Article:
There’s a whole genre of high budget wuxia movies that could be in this spot. Hero, House of Flying Daggers, and especially Curse of the Golden Flower â€” but the one that stands out the most, due to its incredible success, is Crouching Tiger. It introduced western cinema goers to the wonders of high budget wuxia, with the stunning action, historical setting, and understated romance â€” and as much as any of those, the stunning locales and cinematography. Fighting among the swaying treetops in an elegant ballet of death, or riding across the vast and brutal desert, the locations and filming technique were as flawlessly executed as the fights.
Yes, I’m exposing my own biases with this one, as it’s a film all of 20 people have seen. Urga, sometimes called Close To Eden, is an understated, introspective Russian film about the friendship between a Mongolian shepherd and a Russian truck driver who breaks down near their yurt. Incredibly funny if you can adjust to the pace and style, the long and winding steppes of Mongolia are a stunning backdrop to this unlikely story, especially when contrasted to the bustling city. Throughout the movie the plains are established as a thing of barren beauty, and the final shot of a power plant where seconds before a couple had been making love is astonishingly powerful.
13. Darjeeling Limited
Wes Anderson is one hell of a director, and if you like one of his films, there’s a pretty good choice you can instantly spot any of his work, and doubtless love them all. His strong visual style is perhaps best shown in Darjeeling Limited, which is as much a love song to India as a story. It has all of Anderson’s trademarks: obsessions with symmetry, obsessively controlled and set up scenes, and bright primary colors â€” but there’s something about it being in India that makes it that much more gorgeous and poignant.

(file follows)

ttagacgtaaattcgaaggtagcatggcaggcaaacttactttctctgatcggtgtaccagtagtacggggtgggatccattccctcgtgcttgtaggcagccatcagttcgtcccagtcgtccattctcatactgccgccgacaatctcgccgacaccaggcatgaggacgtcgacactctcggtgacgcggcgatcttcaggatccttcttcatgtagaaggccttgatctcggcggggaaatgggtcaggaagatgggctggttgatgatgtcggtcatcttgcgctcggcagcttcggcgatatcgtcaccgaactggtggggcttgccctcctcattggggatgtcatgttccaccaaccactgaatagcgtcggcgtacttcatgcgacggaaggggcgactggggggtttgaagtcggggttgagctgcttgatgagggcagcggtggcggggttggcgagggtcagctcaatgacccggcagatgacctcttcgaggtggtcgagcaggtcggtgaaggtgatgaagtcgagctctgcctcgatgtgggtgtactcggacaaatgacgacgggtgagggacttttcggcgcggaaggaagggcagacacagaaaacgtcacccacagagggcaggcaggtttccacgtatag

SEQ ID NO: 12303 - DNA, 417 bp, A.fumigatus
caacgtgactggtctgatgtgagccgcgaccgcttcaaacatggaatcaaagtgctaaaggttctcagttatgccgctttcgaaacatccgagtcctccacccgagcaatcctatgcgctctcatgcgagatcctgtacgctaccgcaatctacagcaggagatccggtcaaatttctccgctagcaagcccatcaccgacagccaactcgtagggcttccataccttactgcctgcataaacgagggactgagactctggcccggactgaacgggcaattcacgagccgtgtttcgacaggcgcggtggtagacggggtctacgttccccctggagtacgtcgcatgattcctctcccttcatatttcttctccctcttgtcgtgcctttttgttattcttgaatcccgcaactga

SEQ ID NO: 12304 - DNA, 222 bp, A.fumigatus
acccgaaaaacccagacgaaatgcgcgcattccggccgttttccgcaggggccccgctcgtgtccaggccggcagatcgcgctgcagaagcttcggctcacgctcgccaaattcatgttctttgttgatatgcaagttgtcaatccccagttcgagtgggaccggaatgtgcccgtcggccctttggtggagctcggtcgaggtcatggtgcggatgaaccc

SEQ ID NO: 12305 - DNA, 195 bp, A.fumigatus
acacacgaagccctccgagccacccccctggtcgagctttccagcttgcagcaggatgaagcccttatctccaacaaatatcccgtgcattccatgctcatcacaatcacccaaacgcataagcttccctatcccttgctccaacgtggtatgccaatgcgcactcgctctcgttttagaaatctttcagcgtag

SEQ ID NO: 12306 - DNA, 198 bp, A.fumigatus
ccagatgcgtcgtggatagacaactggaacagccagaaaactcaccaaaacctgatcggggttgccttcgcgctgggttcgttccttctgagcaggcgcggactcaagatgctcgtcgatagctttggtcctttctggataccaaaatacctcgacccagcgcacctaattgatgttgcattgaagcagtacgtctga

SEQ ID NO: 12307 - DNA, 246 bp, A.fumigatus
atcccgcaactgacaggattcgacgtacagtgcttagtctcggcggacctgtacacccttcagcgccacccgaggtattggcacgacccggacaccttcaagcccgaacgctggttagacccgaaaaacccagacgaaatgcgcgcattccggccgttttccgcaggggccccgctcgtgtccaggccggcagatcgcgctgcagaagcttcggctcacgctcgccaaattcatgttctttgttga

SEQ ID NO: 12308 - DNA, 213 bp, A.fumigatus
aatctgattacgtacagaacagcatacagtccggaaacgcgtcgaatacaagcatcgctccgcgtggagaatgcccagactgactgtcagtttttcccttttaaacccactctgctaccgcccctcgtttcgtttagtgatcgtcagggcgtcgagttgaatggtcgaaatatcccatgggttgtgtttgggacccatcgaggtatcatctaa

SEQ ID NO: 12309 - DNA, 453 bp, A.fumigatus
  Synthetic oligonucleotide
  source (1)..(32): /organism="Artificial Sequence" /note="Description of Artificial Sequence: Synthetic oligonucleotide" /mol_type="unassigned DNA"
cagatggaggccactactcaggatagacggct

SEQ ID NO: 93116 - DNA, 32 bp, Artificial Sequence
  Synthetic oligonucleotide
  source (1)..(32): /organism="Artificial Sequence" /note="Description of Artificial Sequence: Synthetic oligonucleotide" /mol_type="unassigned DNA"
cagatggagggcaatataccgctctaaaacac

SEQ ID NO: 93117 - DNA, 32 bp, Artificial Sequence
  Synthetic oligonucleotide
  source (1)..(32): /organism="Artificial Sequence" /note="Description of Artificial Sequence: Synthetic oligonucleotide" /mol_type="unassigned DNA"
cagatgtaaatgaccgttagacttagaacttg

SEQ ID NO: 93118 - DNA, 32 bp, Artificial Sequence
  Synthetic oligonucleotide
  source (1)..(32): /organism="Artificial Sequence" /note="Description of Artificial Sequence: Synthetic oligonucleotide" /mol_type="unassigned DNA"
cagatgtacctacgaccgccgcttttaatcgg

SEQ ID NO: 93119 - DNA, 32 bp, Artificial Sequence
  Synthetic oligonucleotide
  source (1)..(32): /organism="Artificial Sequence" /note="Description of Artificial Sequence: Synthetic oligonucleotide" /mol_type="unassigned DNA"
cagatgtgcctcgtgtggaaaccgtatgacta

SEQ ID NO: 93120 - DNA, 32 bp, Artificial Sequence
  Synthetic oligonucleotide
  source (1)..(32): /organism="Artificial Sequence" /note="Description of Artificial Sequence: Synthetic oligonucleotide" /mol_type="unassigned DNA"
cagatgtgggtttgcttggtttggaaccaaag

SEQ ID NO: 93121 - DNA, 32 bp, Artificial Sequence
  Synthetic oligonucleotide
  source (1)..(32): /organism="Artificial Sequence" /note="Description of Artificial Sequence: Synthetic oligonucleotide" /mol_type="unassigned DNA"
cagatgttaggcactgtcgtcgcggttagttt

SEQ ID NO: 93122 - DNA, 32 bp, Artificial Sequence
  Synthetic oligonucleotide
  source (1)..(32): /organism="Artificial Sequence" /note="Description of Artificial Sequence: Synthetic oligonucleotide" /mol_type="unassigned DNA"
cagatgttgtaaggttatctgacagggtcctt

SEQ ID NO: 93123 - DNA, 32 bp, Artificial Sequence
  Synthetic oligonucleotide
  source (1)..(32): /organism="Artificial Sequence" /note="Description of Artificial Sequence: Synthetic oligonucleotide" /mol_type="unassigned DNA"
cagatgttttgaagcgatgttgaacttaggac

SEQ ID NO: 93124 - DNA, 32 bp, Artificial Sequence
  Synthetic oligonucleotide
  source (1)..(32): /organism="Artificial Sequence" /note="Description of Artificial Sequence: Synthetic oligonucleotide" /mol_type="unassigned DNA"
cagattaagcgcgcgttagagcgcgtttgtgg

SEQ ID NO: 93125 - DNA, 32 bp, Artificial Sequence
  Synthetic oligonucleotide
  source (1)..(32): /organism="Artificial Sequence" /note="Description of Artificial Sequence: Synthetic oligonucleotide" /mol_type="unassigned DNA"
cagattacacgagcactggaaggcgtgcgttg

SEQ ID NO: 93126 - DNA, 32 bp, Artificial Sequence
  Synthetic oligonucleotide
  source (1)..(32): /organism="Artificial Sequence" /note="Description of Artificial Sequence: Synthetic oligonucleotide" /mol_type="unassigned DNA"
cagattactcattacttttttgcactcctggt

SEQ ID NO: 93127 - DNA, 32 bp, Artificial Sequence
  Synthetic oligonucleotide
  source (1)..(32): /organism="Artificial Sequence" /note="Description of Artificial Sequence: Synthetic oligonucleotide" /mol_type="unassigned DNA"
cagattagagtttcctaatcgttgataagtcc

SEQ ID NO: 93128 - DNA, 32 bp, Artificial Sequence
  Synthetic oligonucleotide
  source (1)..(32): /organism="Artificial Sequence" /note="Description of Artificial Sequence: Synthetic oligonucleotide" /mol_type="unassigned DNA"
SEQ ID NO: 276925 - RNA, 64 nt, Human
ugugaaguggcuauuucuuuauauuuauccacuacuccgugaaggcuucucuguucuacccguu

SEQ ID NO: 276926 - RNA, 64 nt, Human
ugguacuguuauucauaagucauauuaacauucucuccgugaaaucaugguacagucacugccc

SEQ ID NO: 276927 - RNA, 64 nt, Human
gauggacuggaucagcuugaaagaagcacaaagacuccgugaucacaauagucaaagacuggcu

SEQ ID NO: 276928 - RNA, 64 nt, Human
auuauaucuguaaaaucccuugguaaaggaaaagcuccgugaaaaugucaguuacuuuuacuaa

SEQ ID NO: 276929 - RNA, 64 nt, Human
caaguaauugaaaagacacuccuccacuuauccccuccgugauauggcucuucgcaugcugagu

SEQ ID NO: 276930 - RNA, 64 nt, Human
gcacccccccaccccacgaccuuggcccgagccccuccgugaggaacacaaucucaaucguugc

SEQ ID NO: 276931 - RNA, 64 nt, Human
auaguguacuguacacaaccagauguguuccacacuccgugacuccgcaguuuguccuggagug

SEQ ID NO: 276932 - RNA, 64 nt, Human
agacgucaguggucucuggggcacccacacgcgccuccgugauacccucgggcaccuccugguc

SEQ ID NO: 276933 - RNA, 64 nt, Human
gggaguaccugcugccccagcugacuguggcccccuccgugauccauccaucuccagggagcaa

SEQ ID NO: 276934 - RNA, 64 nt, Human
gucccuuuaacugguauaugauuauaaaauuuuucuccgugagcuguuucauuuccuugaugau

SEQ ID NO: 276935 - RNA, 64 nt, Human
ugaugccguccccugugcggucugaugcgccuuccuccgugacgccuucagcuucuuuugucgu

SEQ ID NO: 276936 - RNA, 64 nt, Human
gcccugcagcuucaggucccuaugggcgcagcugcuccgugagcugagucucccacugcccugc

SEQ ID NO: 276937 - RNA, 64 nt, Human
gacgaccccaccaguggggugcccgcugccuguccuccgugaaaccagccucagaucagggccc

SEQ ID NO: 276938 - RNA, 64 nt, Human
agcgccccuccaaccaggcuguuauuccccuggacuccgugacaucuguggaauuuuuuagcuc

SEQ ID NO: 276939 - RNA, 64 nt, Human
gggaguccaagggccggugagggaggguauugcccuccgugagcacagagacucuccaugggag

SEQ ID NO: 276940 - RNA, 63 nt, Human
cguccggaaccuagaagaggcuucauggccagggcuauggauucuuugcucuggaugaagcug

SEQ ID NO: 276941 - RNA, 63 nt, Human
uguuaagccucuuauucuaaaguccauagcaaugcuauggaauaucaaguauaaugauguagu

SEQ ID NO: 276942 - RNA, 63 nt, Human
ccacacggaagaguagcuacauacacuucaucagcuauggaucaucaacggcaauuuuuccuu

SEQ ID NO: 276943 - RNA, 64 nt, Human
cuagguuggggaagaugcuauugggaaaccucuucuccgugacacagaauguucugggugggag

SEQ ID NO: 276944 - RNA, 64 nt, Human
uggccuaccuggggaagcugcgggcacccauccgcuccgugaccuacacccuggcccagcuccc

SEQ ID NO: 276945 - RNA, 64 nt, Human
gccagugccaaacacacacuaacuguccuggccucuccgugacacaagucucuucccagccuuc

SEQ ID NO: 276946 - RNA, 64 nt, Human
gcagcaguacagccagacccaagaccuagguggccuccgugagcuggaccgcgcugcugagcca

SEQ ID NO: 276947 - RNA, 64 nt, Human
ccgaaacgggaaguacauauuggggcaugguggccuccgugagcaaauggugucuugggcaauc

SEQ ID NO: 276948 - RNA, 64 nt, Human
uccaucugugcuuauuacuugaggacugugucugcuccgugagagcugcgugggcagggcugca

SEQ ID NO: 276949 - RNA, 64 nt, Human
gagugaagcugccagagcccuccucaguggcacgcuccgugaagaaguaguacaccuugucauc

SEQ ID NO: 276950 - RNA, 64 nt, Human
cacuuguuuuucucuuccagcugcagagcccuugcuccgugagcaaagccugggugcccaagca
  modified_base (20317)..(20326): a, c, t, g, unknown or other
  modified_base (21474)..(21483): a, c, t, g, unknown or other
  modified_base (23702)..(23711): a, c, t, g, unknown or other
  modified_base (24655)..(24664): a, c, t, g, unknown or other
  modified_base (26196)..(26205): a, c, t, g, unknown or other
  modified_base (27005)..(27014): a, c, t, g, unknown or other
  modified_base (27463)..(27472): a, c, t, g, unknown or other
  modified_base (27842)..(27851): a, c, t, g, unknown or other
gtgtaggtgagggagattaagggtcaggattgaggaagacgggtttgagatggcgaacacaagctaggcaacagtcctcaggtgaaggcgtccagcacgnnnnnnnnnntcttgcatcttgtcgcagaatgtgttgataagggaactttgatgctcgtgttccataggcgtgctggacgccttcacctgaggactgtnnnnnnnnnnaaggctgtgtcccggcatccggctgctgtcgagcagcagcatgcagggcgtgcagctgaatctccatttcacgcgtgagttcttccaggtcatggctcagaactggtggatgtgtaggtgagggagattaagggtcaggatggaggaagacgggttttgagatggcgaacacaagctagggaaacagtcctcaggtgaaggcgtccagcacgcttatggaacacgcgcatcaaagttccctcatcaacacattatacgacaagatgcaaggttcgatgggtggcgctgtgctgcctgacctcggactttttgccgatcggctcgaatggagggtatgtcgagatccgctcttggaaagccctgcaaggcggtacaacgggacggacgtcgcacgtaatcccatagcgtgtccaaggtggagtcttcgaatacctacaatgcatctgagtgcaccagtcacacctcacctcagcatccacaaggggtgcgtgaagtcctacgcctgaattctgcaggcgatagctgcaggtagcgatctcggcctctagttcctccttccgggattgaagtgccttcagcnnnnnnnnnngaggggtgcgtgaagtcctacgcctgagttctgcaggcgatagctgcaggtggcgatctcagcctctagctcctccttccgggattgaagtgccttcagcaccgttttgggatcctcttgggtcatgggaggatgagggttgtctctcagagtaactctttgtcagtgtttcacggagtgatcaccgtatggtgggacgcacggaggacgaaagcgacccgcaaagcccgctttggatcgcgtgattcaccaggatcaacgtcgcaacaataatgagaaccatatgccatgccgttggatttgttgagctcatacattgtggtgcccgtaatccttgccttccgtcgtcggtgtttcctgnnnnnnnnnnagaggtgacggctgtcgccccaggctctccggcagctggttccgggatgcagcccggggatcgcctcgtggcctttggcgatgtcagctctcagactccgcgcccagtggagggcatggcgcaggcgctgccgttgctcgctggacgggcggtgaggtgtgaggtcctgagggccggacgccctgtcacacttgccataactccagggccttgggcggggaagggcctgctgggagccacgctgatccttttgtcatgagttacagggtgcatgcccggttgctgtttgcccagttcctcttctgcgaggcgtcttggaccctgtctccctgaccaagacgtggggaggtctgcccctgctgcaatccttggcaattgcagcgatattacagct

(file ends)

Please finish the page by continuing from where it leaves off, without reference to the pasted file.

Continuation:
12. Lawrence of Arabia
Widely regarded as one of the finest and most influential movies of the 20th century, Lawrence of Arabia’s incredible cinematography was a major influence on generations of film makers. Never before had such effort gone into showing the hugeness, enormity and beauty of the desert. Shot on extremely wide-angle cameras, the film had an aspect ratio of 2.20:1, much wider than most current screens, which served to perfectly encompass the huge size and splendour of the Sahara.
11. Where the Wild Things Are
This dark and bittersweet adaptation of Maurice Sendak’s classic children’s book was a very interesting project. It’s hard to take a book which can be read in five minutes, and stretch it into a feature length film, which Spike Jonze did by making the film far darker in tone than the book. The beauty of the images and imagination from the story translate wonderfully on screen, thanks to Jonze’ $100 million budget, allowing him to create fantastical and barren landscapes. However, the downbeat and bittersweet tone of the story, combined with the rather unlikable characters, lead to box office struggles.